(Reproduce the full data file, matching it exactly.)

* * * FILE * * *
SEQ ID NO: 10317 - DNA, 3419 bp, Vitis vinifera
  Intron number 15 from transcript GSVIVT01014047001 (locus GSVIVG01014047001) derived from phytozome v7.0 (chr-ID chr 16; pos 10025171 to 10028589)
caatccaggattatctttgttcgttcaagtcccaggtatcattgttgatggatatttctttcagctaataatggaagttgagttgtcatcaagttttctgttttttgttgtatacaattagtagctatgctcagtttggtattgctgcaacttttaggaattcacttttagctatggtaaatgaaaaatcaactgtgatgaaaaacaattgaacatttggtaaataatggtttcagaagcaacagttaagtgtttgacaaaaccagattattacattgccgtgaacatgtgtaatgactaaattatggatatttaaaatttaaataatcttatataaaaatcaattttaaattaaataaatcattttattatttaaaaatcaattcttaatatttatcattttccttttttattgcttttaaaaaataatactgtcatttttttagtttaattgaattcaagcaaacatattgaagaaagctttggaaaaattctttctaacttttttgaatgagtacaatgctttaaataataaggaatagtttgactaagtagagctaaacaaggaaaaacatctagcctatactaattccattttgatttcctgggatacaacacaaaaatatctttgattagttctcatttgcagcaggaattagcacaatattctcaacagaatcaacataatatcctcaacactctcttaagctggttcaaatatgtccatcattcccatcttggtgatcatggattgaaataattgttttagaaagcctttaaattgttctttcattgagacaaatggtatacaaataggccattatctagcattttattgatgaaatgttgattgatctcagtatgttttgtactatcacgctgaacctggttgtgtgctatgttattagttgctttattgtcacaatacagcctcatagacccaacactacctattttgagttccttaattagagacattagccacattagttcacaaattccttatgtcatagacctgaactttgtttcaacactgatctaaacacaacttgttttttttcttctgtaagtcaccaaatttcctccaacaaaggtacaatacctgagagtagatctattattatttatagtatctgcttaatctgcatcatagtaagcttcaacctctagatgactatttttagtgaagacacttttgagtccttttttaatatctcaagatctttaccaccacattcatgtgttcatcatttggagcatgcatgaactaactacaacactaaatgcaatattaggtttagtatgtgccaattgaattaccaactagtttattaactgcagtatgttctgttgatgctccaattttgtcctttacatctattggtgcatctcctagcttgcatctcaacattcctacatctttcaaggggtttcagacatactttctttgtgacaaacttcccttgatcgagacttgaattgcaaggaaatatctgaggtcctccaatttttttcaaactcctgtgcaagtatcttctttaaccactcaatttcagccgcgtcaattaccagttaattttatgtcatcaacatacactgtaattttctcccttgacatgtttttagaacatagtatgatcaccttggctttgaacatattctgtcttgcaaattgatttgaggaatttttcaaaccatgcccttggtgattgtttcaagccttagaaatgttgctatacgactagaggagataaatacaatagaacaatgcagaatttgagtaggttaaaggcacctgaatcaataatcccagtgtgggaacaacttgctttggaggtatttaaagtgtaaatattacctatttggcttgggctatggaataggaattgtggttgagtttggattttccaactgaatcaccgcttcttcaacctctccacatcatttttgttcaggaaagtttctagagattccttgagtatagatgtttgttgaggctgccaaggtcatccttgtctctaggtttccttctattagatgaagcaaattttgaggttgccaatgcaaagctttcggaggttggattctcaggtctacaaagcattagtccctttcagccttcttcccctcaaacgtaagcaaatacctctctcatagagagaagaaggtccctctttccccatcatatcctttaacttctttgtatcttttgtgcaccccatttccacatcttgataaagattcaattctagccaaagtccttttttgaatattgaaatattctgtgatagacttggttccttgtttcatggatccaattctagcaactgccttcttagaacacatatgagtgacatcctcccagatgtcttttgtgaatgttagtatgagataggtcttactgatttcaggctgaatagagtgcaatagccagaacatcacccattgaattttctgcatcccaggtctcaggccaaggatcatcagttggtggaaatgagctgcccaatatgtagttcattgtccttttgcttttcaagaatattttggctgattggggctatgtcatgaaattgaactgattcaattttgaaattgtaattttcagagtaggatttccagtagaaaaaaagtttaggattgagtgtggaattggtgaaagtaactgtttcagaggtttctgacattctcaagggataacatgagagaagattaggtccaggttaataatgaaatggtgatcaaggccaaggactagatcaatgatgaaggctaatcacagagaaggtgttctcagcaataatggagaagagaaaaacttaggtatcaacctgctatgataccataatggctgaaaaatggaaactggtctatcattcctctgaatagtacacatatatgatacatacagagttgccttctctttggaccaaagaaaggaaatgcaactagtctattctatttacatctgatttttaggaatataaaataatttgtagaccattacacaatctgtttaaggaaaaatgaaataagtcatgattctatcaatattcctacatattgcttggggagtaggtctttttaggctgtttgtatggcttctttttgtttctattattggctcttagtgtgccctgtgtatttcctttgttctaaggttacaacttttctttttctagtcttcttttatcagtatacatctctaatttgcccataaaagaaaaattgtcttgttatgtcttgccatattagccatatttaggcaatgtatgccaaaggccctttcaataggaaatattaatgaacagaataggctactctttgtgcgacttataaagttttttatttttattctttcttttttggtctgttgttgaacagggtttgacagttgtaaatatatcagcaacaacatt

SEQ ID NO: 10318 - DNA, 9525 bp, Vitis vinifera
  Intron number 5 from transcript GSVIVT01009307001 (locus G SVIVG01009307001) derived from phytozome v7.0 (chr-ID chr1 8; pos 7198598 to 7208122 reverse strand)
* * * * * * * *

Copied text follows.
SEQ ID NO: 10317 - DNA, 3419 bp, Vitis vinifera
  Intron number 15 from transcript GSVIVT01014047001 (locus GSVIVG01014047001) derived from phytozome v7.0 (chr-ID chr 16; pos 10025171 to 10028589)
caatccaggattatctttgttcgttcaagtcccaggtatcattgttgatggatatttctttcagctaataatggaagttgagttgtcatcaagttttctgttttttgttgtatacaattagtagctatgctcagtttggtattgctgcaacttttaggaattcacttttagctatggtaaatgaaaaatcaactgtgatgaaaaacaattgaacatttggtaaataatggtttcagaagcaacagttaagtgtttgacaaaaccagattattacattgccgtgaacatgtgtaatgactaaattatggatatttaaaatttaaataatcttatataaaaatcaattttaaattaaataaatcattttattatttaaaaatcaattcttaatatttatcattttccttttttattgcttttaaaaaataatactgtcatttttttagtttaattgaattcaagcaaacatattgaagaaagctttggaaaaattctttctaacttttttgaatgagtacaatgctttaaataataaggaatagtttgactaagtagagctaaacaaggaaaaacatctagcctatactaattccattttgatttcctgggatacaacacaaaaatatctttgattagttctcatttgcagcaggaattagcacaatattctcaacagaatcaacataatatcctcaacactctcttaagctggttcaaatatgtccatcattcccatcttggtgatcatggattgaaataattgttttagaaagcctttaaattgttctttcattgagacaaatggtatacaaataggccattatctagcattttattgatgaaatgttgattgatctcagtatgttttgtactatcacgctgaacctggttgtgtgctatgttattagttgctttattgtcacaatacagcctcatagacccaacactacctattttgagttccttaattagagacattagccacattagttcacaaattccttatgtcatagacctgaactttgtttcaacactgatctaaacacaacttgttttttttcttctgtaagtcaccaaatttcctccaacaaaggtacaatacctgagagtagatctattattatttatagtatctgcttaatctgcatcatagtaagcttcaacctctagatgactatttttagtgaagacacttttgagtccttttttaatatctcaagatctttaccaccacattcatgtgttcatcatttggagcatgcatgaactaactacaacactaaatgcaatattaggtttagtatgtgccaattgaattaccaactagtttattaactgcagtatgttctgttgatgctccaattttgtcctttacatctattggtgcatctcctagcttgcatctcaacattcctacatctttcaaggggtttcagacatactttctttgtgacaaacttcccttgatcgagacttgaattgcaaggaaatatctgaggtcctccaatttttttcaaactcctgtgcaagtatcttctttaaccactcaatttcagccgcgtcaattaccagttaattttatgtcatcaacatacactgtaattttctcccttgacatgtttttagaacatagtatgatcaccttggctttgaacatattctgtcttgcaaattgatttgaggaatttttcaaaccatgcccttggtgattgtttcaagccttagaaatgttgctatacgactagaggagataaatacaatagaacaatgcagaatttgagtaggttaaaggcacctgaatcaataatcccagtgtgggaacaacttgctttggaggtatttaaagtgtaaatattacctatttggcttgggctatggaataggaattgtggttgagtttggattttccaactgaatcaccgcttcttcaacctctccacatcatttttgttcaggaaagtttctagagattccttgagtatagatgtttgttgaggctgccaaggtcatccttgtctctaggtttccttctattagatgaagcaaattttgaggttgccaatgcaaagctttcggaggttggattctcaggtctacaaagcattagtccctttcagccttcttcccctcaaacgtaagcaaatacctctctcatagagagaagaaggtccctctttccccatcatatcctttaacttctttgtatcttttgtgcaccccatttccacatcttgataaagattcaattctagccaaagtccttttttgaatattgaaatattctgtgatagacttggttccttgtttcatggatccaattctagcaactgccttcttagaacacatatgagtgacatcctcccagatgtcttttgtgaatgttagtatgagataggtcttactgatttcaggctgaatagagtgcaatagccagaacatcacccattgaattttctgcatcccaggtctcaggccaaggatcatcagttggtggaaatgagctgcccaatatgtagttcattgtccttttgcttttcaagaatattttggctgattggggctatgtcatgaaattgaactgattcaattttgaaattgtaattttcagagtaggatttccagtagaaaaaaagtttaggattgagtgtggaattggtgaaagtaactgtttcagaggtttctgacattctcaagggataacatgagagaagattaggtccaggttaataatgaaatggtgatcaaggccaaggactagatcaatgatgaaggctaatcacagagaaggtgttctcagcaataatggagaagagaaaaacttaggtatcaacctgctatgataccataatggctgaaaaatggaaactggtctatcattcctctgaatagtacacatatatgatacatacagagttgccttctctttggaccaaagaaaggaaatgcaactagtctattctatttacatctgatttttaggaatataaaataatttgtagaccattacacaatctgtttaaggaaaaatgaaataagtcatgattctatcaatattcctacatattgcttggggagtaggtctttttaggctgtttgtatggcttctttttgtttctattattggctcttagtgtgccctgtgtatttcctttgttctaaggttacaacttttctttttctagtcttcttttatcagtatacatctctaatttgcccataaaagaaaaattgtcttgttatgtcttgccatattagccatatttaggcaatgtatgccaaaggccctttcaataggaaatattaatgaacagaataggctactctttgtgcgacttataaagttttttatttttattctttcttttttggtctgttgttgaacagggtttgacagttgtaaatatatcagcaacaacatt

SEQ ID NO: 10318 - DNA, 9525 bp, Vitis vinifera
  Intron number 5 from transcript GSVIVT01009307001 (locus G SVIVG01009307001) derived from phytozome v7.0 (chr-ID chr1 8; pos 7198598 to 7208122 reverse strand)